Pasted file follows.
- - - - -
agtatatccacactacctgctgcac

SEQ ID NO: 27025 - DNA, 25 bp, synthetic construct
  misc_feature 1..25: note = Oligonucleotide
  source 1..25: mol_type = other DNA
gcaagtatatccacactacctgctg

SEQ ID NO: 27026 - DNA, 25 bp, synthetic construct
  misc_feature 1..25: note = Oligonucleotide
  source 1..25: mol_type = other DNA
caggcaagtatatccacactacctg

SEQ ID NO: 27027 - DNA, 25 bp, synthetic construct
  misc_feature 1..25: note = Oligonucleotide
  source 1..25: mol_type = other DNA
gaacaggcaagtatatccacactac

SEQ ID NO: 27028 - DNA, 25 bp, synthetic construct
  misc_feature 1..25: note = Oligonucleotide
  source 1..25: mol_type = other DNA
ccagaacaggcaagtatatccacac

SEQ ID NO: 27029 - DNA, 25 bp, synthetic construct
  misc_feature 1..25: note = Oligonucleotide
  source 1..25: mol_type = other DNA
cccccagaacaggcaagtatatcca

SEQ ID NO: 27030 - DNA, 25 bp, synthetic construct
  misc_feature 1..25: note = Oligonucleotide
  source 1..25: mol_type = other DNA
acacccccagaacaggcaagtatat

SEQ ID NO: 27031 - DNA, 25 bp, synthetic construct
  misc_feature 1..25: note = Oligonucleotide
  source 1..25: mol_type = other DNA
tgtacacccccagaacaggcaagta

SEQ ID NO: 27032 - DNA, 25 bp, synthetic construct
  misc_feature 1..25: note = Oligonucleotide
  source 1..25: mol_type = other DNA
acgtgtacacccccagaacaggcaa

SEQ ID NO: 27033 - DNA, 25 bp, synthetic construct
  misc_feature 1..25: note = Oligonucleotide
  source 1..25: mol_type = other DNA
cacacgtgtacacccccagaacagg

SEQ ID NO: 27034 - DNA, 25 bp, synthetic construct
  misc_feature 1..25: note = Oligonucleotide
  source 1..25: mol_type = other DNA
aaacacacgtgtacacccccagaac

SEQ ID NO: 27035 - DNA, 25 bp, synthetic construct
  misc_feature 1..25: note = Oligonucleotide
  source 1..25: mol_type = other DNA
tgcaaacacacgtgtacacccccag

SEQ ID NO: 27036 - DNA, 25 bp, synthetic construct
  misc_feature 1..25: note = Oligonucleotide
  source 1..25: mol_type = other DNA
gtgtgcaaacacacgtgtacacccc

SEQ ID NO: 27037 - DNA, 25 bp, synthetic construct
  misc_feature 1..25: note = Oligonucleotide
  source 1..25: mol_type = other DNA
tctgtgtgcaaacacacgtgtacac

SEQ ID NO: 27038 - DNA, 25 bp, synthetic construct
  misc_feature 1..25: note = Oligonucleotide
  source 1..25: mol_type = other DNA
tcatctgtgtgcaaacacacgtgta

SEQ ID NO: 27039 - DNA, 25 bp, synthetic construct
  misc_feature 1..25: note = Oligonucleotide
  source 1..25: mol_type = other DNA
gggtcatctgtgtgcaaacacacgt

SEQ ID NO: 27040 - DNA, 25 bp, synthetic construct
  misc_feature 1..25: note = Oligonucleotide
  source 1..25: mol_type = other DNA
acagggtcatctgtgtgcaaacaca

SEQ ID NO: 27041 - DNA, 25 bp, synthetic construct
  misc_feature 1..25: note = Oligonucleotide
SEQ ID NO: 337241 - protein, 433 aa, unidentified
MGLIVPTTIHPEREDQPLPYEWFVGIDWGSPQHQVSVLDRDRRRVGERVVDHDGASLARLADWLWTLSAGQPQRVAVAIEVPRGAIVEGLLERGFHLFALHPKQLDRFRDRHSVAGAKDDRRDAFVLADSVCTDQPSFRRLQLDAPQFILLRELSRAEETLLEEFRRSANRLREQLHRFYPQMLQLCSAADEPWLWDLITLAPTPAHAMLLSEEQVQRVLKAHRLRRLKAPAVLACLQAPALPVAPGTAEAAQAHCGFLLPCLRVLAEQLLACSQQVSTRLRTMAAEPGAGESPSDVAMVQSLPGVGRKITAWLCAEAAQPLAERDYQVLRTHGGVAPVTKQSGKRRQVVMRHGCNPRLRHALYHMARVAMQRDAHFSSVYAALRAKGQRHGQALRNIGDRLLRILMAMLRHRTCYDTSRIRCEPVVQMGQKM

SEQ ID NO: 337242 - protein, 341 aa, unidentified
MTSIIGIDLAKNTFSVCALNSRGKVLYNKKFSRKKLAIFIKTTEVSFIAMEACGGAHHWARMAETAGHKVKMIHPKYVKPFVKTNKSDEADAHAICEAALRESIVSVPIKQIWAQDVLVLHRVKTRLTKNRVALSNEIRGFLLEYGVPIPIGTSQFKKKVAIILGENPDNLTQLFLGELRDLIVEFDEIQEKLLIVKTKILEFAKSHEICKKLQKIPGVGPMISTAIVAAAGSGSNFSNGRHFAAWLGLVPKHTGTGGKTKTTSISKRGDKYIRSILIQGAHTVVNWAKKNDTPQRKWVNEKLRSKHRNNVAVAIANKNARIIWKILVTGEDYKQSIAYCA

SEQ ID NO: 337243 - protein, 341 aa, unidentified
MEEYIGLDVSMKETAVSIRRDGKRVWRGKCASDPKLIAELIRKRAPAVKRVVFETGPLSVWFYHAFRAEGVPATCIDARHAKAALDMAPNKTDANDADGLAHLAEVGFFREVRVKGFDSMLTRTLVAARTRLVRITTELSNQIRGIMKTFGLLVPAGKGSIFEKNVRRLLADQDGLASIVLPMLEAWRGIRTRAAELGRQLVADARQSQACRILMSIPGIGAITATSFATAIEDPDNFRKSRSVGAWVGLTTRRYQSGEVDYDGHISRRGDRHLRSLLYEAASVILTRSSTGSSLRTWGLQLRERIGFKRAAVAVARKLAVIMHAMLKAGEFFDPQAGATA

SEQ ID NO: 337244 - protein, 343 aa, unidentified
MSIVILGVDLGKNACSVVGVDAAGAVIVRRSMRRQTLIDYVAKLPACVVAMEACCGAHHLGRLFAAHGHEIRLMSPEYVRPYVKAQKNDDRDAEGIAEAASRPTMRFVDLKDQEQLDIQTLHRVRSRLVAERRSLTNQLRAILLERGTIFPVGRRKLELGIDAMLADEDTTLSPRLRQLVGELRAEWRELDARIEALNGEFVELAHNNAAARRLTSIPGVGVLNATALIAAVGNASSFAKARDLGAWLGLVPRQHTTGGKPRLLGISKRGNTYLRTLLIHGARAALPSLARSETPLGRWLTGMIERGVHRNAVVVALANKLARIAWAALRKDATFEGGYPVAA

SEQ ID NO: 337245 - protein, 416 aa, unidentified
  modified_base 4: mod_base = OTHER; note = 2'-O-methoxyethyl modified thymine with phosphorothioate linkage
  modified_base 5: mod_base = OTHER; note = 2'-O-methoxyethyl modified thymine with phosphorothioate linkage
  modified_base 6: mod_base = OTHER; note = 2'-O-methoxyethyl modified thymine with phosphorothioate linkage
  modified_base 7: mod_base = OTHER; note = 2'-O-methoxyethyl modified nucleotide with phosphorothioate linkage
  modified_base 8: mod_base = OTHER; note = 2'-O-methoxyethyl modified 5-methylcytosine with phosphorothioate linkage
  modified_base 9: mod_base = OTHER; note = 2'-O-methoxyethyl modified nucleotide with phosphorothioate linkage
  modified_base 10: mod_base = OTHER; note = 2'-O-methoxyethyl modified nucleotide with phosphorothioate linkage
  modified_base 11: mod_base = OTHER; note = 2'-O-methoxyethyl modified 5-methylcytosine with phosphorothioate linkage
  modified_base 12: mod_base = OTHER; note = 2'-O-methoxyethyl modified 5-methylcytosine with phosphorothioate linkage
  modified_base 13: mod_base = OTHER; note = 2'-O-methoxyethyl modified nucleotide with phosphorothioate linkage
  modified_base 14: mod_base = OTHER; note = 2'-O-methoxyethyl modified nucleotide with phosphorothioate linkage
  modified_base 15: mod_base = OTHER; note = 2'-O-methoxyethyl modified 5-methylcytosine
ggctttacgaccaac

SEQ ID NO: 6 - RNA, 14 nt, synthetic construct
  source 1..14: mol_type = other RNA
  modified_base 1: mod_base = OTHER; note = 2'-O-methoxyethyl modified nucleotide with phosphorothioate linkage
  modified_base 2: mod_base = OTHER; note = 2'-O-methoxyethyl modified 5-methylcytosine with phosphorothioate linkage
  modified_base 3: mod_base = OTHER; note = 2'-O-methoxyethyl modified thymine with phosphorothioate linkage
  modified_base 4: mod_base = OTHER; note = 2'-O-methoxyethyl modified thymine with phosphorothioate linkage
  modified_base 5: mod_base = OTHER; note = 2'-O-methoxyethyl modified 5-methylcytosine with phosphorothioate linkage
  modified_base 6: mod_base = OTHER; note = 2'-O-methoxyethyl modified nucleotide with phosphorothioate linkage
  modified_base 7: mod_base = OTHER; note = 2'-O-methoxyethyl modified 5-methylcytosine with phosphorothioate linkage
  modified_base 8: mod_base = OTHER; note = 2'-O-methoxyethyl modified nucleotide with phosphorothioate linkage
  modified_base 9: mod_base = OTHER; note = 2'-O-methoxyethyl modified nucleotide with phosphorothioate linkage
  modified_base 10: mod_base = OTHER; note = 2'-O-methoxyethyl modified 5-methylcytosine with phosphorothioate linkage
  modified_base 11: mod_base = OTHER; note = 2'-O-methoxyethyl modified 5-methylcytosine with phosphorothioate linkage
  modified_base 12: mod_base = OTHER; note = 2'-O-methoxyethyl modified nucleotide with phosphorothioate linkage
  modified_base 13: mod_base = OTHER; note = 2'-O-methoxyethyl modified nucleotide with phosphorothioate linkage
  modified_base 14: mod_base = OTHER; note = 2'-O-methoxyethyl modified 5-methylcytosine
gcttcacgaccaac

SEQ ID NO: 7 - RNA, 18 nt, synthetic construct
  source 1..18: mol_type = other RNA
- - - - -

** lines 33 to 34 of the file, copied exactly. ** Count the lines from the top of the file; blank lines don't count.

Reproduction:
acgtgtacacccccagaacaggcaa

SEQ ID NO: 27033 - DNA, 25 bp, synthetic construct